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Publication numberUS4713043 A
Publication typeGrant
Application numberUS 06/833,346
Publication dateDec 15, 1987
Filing dateFeb 25, 1986
Priority dateFeb 26, 1985
Fee statusLapsed
Also published asEP0195945A1, EP0195945B1
Publication number06833346, 833346, US 4713043 A, US 4713043A, US-A-4713043, US4713043 A, US4713043A
InventorsAdam Biedermann
Original AssigneeJoh. Winklhofer & Sohne
Export CitationBiBTeX, EndNote, RefMan
External Links: USPTO, USPTO Assignment, Espacenet
Chain tensioner
US 4713043 A
Abstract
In a chain tensioner (116) having a piston (120) displaceable in a guide housing (118) along its axis (134) and having a tensioner bar (124) articulated to the guide housing (118) with pressure of the piston head (122) upon the tensioner bar (124), in one of the two parts, piston head and tensioner bar, a guide groove (140) extending substantially parallel to the longitudinal direction of the tensioner bar is provided in which there engages a guide protuberance (piston head 122 flattened off on both sides) formed in each case on the other part. This results firstly in a securing of the tensioner bar against lateral pivoting and nextly in a securing of the piston against rotation.
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Claims(18)
I claim:
1. Chain tensioner comprising a housing (32'), an axially extending piston (34') displaceably guided in the axial direction of said piston in a recess in said housing (32'), an elongated tensioner bar (38') having a first end and a second end spaced apart in the elongated direction with the first end articulated to the housing (32'), said tensioner bar (38') has a first side (36') extending in the elongated direction and pressed against a piston head (42') of said piston (34') located externally of said housing (32'), said tensioner bar (38') has a second side (72') extending in the elongated direction and disposed opposite said first side (36') and said second side (72') rests against a chain (14'), and a device for lubricating the chain (14') having an oil entry aperture (48') in said first side (36') and at least one oil outlet aperture (68') in the second side (72') of said tensioner bar (38'), wherein the improvement comprises an oil feed opening (44') opening into the recess of said housing (32'), said piston (34') is a hollow piston in the axial direction forming an axially extending bore and an oil outlet opening (46') through said piston head (42') connected to said oil entry aperture (48'), said tensioner bar (38') has a passage (50') extending parallel to said second side (72'), and said passage (50') connects said oil entry aperture (48') with said at least one oil outlet aperture (68').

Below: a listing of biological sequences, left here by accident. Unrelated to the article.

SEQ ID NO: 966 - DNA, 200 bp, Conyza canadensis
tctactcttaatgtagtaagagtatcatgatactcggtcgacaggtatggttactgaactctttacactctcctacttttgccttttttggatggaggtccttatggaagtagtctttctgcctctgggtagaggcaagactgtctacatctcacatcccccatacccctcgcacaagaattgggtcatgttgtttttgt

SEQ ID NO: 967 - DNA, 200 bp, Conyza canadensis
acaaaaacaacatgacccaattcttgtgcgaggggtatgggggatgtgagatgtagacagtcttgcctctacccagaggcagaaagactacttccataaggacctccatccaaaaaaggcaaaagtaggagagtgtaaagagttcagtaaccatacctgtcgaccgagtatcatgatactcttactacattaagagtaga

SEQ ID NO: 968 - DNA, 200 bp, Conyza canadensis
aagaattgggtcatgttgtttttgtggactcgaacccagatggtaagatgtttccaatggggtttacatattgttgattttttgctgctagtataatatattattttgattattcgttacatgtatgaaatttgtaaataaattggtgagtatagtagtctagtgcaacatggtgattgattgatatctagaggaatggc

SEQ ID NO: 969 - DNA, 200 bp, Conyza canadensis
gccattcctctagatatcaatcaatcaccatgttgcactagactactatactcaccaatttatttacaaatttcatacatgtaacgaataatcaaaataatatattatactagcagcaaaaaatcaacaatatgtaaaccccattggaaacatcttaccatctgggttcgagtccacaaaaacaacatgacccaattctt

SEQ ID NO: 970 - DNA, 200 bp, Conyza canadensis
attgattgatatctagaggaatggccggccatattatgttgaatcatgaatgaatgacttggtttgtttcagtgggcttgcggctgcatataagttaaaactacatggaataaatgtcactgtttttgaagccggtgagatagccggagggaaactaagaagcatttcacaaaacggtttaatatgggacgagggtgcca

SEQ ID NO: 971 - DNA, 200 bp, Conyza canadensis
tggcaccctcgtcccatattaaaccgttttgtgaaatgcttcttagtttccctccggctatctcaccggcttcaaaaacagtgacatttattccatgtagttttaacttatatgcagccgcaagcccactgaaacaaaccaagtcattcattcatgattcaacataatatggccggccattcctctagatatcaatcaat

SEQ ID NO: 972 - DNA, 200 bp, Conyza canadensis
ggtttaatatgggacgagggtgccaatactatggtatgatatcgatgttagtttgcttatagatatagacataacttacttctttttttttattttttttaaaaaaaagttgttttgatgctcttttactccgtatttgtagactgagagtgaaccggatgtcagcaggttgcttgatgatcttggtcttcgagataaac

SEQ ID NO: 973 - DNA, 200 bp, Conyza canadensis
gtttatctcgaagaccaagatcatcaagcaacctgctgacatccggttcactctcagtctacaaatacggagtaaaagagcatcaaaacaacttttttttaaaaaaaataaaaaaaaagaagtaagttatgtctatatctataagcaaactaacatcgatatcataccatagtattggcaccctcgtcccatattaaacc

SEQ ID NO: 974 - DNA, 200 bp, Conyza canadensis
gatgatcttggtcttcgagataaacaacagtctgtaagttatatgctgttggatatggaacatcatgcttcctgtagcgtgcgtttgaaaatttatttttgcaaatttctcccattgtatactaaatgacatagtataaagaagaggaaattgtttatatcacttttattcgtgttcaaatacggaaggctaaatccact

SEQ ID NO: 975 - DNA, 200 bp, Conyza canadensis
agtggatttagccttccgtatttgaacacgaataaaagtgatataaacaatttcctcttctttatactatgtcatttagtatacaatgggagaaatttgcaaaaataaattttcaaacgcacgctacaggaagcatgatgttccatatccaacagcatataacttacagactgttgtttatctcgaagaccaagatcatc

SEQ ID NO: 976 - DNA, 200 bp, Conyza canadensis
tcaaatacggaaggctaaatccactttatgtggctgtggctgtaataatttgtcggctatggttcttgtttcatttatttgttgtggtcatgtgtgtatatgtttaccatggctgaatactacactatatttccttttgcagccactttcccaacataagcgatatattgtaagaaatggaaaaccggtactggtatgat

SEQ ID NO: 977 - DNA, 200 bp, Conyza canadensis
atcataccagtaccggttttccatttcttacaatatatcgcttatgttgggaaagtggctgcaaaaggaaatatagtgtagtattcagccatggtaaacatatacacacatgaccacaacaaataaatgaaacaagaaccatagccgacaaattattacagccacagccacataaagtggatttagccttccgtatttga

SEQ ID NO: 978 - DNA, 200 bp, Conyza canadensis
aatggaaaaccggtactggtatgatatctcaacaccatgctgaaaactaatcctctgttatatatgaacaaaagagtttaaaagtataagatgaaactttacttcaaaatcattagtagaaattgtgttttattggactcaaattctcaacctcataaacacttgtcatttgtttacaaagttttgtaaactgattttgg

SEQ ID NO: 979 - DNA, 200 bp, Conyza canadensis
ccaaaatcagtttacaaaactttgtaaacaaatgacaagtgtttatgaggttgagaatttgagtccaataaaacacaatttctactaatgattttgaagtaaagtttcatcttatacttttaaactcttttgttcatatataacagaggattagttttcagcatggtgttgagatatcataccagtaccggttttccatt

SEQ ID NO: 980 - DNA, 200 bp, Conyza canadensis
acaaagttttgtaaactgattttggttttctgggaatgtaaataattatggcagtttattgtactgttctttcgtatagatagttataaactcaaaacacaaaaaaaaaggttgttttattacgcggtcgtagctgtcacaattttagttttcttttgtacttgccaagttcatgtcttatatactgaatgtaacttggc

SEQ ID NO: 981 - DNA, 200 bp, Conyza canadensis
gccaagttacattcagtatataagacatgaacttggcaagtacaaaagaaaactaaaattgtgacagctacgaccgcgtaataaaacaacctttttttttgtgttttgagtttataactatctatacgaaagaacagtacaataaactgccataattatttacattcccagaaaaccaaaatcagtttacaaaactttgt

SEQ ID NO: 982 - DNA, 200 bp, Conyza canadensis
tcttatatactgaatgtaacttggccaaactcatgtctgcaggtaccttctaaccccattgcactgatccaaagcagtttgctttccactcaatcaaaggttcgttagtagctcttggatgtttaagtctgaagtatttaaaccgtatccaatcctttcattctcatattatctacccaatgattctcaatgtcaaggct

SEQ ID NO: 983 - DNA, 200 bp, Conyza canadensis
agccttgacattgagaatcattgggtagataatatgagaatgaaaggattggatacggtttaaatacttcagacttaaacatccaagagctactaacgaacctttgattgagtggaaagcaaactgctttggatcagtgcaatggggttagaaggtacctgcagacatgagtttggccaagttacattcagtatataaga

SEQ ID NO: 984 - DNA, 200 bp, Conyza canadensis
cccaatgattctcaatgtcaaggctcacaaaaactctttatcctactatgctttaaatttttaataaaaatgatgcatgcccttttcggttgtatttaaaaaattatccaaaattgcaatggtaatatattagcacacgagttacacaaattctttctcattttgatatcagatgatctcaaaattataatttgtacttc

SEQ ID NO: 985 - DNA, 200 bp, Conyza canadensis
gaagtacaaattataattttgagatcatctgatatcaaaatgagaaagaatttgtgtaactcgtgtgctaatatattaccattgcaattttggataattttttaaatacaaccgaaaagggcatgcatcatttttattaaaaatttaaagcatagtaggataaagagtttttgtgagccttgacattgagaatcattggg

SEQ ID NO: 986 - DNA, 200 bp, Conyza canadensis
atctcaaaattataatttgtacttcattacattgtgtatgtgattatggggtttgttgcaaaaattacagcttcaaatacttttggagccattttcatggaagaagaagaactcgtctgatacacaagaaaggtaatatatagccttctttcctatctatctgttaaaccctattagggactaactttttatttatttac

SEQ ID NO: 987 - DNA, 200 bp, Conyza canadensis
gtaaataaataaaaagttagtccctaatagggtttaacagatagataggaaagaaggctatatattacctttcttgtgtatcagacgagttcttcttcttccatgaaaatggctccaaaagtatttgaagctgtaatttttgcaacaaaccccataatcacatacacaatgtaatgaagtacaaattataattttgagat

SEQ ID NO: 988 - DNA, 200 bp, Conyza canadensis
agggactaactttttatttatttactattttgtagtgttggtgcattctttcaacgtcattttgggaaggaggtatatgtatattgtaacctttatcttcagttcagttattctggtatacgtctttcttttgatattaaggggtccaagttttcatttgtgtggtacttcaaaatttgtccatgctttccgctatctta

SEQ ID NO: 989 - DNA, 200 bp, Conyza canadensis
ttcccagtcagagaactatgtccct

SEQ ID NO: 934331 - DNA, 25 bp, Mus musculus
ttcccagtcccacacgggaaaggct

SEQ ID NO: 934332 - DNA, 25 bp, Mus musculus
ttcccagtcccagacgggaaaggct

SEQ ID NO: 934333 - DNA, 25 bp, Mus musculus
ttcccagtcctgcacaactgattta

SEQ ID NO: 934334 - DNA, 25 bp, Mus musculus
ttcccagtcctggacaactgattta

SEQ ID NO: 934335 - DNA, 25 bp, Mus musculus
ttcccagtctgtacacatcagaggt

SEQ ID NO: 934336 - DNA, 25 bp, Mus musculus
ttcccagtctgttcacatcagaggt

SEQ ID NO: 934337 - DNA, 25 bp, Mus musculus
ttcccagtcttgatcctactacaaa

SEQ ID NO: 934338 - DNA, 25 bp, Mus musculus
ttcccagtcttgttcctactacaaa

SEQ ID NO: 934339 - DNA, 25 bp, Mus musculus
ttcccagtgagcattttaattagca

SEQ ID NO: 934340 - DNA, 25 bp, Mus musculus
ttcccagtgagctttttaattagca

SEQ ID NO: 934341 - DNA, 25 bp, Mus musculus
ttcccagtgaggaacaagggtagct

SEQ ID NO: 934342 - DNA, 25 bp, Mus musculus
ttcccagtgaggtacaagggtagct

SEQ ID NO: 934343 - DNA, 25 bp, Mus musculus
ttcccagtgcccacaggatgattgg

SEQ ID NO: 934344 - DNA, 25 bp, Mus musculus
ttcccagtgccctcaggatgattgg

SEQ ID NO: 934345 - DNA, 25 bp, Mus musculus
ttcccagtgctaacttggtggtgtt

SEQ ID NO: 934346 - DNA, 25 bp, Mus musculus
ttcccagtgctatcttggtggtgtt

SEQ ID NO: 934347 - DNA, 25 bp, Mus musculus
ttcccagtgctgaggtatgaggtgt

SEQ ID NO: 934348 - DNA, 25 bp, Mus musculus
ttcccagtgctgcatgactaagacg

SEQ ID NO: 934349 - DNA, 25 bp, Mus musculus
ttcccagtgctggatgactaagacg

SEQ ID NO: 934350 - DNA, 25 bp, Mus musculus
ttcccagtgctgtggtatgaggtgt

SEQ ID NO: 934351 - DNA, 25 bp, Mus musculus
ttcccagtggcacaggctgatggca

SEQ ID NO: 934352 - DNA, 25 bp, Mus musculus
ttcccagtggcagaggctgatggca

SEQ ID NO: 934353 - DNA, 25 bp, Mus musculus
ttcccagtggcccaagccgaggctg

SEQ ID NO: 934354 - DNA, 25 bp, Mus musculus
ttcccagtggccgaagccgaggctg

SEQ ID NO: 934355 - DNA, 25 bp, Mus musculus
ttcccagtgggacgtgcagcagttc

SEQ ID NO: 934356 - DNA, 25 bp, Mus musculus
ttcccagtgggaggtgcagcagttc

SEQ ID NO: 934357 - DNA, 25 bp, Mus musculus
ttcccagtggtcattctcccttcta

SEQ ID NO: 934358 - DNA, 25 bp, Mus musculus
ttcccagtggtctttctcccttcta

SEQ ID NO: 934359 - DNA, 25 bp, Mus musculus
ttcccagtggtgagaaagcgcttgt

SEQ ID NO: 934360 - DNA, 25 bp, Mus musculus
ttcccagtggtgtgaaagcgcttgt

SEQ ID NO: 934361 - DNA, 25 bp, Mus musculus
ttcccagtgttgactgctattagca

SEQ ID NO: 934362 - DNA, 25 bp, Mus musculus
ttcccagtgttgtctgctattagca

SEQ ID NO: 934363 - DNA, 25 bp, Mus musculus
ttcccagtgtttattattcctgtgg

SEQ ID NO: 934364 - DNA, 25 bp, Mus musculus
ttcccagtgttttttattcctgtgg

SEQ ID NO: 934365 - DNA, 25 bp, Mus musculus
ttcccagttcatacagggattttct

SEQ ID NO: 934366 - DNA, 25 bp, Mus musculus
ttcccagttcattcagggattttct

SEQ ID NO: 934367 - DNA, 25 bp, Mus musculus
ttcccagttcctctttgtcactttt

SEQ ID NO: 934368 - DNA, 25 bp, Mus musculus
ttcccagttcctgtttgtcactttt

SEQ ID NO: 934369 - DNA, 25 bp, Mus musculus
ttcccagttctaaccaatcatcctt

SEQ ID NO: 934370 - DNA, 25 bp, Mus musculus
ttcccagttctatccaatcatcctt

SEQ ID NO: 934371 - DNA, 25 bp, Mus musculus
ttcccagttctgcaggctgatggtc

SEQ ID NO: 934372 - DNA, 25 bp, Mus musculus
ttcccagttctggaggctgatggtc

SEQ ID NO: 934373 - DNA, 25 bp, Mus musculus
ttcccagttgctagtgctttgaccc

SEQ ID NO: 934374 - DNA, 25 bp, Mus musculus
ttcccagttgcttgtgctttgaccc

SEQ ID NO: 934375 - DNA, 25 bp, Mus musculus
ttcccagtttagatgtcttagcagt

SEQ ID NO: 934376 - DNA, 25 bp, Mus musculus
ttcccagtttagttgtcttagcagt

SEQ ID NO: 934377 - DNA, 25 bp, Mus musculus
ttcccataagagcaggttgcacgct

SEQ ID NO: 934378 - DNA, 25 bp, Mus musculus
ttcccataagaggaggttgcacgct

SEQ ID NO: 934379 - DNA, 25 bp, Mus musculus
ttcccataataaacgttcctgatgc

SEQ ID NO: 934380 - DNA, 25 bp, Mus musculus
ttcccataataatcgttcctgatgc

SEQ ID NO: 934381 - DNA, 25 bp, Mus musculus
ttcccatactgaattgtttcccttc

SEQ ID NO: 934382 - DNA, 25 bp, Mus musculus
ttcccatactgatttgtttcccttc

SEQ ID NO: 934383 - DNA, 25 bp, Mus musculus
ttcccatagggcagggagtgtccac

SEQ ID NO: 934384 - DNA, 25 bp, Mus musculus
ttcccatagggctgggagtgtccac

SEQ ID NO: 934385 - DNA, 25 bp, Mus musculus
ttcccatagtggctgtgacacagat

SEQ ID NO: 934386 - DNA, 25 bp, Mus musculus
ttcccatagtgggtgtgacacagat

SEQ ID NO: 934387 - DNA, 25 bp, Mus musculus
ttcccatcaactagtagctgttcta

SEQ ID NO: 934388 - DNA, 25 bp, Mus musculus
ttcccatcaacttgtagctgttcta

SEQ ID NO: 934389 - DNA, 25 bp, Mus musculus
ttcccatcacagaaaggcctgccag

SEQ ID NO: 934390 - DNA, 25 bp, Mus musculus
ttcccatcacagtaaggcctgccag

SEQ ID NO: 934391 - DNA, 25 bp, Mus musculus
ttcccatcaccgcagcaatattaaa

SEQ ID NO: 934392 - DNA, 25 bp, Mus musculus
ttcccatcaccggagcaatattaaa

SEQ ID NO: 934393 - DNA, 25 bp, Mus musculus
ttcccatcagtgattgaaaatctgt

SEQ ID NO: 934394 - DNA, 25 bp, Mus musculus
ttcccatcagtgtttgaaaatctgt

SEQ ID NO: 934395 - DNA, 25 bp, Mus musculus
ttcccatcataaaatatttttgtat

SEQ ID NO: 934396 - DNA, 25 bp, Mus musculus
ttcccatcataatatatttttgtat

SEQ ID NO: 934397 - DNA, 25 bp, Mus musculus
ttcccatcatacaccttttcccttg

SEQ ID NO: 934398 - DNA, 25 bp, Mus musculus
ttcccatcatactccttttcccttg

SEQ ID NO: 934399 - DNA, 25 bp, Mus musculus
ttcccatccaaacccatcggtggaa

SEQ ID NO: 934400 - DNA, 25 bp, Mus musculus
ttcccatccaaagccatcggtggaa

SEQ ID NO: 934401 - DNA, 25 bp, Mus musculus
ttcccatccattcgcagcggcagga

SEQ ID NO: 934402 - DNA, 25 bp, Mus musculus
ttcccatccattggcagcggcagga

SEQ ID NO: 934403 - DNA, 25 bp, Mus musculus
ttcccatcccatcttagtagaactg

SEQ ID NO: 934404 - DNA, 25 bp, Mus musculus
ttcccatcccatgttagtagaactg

2. Chain tensioner according to claim 1, characterized in that on one of the piston head (22; 122) and tensioner bar (24; 124), there is formed a guide groove (40; 140) extending substantially parallel with the elongated direction (A) of the tensioner bar, in which groove there engages a guide protuberance formed on the other one of said piston head and tensioner bar.
3. Chain tensioner according to claim 2, characterized in that the external circumference of the piston head (22; 122) is flattened on at least one side with a piston side face (36; 136) substantially parallel to the elongated direction (A) of the tensioner bar and to the piston axis (34; 134), which side face abuts on a groove side face of the tensioner bar (24; 124).
4. Chain tensioner according to claim 3, characterized in that the pivot bearing between tensioner bar (24; 124) and guide housing (18; 118) comprises a bearing fork (114) formed on one of the guide housing (18; 118) the tensioner bar.
5. Chain tensioner according to claim 2, characterized in that the tensioner bar (24; 124) is formed with synthetic plastics material.